Fair maps are also possible through Congressional action. The For the People Act, which the League helped to shape earlier this year, includes fair redistricting standards for the entire country. This legislation has already passed in the U.S. House of Representatives, but it needs more support in the Senate. The League is pushing for a Senate hearing on this bill so that every American can hear for themselves the content of the For the People Act.

  LWV COLORADO Call to Action

national popular vote

The National Popular Vote (NPV) legislation passed by the Colorado General Assembly and signed by the governor is under attack. Petitions repealing the legislation that passed in the 2019 session of the state legislature are being circulated.

We are in danger of losing a hard-won piece of important legislation. Between now and August the emphasis should be on encouraging people not to sign the petition. Should the repeal get on the ballot, the League will then join a campaign to fight the 2020 ballot initiative.

Think Before You Ink

It's Petition Season!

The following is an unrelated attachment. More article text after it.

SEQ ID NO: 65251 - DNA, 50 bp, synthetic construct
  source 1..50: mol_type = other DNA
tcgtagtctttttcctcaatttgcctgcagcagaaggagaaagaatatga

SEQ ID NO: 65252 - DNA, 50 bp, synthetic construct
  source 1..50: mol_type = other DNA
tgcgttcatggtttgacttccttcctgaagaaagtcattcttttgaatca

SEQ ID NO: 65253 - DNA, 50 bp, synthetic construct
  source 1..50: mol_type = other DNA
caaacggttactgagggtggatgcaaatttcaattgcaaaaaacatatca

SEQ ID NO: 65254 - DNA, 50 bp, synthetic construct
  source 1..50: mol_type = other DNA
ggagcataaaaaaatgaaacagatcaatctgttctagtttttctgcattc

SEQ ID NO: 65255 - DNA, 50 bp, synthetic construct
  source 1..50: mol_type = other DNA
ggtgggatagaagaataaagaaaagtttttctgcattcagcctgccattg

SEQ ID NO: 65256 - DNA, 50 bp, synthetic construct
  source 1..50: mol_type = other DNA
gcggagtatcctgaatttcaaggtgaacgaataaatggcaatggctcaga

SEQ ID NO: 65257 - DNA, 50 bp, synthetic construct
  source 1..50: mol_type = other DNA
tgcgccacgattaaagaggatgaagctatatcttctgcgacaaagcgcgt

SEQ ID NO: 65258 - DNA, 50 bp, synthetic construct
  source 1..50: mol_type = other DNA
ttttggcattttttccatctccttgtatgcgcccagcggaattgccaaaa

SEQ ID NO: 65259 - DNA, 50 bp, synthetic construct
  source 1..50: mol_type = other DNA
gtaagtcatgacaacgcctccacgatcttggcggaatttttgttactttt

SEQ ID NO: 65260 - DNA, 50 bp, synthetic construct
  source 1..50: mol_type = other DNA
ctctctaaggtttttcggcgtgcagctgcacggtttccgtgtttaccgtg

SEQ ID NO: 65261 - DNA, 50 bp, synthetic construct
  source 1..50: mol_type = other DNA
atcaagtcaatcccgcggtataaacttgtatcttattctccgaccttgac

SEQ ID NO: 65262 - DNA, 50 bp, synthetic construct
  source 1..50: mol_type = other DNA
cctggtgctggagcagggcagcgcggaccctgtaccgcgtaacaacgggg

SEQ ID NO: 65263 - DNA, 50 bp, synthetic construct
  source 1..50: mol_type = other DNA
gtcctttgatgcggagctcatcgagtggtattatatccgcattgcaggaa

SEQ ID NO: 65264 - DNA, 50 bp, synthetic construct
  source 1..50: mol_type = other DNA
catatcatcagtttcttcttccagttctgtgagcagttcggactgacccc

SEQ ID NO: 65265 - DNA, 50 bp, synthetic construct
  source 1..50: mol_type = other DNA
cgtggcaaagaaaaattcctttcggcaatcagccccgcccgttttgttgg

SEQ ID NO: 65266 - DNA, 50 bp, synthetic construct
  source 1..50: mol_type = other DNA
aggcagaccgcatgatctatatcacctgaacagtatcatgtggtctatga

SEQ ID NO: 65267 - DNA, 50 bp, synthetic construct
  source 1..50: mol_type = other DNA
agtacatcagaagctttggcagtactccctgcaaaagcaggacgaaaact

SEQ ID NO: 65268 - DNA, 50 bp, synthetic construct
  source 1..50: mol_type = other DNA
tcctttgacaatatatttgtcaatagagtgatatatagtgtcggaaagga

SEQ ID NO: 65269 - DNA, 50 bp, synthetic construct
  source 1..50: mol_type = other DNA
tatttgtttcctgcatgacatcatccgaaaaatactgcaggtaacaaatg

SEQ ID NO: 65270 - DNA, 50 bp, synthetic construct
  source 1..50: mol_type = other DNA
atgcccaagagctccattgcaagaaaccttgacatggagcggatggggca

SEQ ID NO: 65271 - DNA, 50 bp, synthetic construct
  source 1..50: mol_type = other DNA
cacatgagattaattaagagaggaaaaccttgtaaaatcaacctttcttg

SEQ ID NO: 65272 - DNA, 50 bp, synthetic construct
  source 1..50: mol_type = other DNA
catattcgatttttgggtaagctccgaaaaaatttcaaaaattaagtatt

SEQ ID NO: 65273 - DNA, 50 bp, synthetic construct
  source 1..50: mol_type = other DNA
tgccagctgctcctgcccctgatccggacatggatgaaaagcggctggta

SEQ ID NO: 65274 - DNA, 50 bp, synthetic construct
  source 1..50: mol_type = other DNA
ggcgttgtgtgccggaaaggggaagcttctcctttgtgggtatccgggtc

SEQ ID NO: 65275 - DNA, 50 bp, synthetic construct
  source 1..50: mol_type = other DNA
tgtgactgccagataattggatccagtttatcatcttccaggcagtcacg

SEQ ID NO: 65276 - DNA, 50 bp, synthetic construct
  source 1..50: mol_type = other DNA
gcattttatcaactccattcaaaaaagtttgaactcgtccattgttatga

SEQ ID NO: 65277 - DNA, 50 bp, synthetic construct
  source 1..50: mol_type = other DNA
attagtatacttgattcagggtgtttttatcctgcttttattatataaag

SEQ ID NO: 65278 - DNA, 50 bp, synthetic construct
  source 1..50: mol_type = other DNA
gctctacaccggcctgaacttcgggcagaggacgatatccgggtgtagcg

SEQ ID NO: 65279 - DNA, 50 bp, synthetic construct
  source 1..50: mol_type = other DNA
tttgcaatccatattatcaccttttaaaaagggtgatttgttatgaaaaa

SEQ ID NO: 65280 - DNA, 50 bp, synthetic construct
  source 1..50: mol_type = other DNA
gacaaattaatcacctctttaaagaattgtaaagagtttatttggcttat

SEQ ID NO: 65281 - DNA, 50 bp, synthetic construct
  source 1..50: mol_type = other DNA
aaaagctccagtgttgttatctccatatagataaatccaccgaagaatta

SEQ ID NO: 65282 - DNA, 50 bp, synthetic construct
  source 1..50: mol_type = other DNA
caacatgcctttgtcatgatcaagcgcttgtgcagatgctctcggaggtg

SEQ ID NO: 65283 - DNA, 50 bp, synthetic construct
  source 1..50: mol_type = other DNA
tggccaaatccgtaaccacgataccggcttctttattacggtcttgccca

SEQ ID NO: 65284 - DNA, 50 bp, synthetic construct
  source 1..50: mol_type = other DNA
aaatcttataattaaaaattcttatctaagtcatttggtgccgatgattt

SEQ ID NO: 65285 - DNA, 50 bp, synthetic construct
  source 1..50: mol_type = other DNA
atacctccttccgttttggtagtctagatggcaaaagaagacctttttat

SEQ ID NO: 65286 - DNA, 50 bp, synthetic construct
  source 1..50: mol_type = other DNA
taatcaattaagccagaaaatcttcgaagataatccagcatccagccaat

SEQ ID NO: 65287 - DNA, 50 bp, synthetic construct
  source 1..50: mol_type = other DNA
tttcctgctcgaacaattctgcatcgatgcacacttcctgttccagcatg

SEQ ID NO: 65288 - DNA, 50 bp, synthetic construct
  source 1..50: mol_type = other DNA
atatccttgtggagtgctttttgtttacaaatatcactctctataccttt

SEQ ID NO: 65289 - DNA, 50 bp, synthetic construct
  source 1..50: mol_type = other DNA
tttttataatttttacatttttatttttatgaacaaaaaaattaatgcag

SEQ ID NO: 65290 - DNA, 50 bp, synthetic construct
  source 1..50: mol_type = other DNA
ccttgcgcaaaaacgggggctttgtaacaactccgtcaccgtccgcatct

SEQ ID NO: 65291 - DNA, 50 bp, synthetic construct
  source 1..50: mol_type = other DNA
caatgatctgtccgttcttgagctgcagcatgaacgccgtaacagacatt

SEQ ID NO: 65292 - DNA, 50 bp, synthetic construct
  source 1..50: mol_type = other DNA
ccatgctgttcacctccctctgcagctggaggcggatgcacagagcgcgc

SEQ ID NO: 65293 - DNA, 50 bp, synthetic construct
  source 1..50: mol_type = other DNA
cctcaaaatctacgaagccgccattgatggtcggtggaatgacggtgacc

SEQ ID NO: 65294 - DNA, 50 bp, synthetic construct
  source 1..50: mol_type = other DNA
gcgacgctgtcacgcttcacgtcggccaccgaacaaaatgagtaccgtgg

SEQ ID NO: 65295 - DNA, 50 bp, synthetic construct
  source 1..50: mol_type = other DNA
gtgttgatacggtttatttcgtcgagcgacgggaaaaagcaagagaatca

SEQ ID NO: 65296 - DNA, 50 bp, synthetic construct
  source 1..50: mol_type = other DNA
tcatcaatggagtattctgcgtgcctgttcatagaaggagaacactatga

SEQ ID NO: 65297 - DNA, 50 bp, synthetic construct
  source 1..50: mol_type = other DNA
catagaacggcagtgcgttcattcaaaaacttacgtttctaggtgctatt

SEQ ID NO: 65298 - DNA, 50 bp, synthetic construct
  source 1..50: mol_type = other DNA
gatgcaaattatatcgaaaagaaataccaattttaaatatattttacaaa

Signing Petitions is Not Necessarily a Civic Duty
Ballot Initiatives and Referenda are already circulating for the 2020 election!
You can help by making informed choices about what to sign!
It is NOT your civic duty to sign petition; it IS your civic duty to fully understand the issue WHEN you decide to sign a petition!

Colorado has several ways issues can be presented to voters:

  • Initiated constitutional amendment -
    An amendment to a state's constitution that comes about through the initiative process.

  • Legislatively referred state statute or constitutional amendment -
    Appears on a state's ballot as a ballot measure because the state legislature in that state voted to put it before the voters.
  • Referendum Petitions
    circulated to gather the signatures of registered Colorado voters in an attempt to have a bill
     that was passed by the legislature placed on the ballot as a statewide ballot issue. 
     While this is a rare occurrence, there is one referendum petition that has been approved for 2020.

  • Legislatively referred bond question -

    A question is referred to the ballot asking voters to approve or deny additional proposed spending.

When you are approached in the grocery store parking lot and asked to sign a petition; please ask questions and Think Before You Ink!

For more information about Current Petitions, including some questions you should be asking and strategies to help you decide, 

We invite you to:

  • Join our dynamic members – men and women – to study issues, learn, engage in civil deliberations and take action. We provide members with training and tools so that they can feel empowered to speak out on issues.

  • Use the resources on this website to educate and empower yourself.

  • Join us at our public events.

Voter Services
Recent Blogs
Recent Blogs



Upcoming Events

Auto Voter Registration

Take Action:

Support the Automatic Voter Registration Act!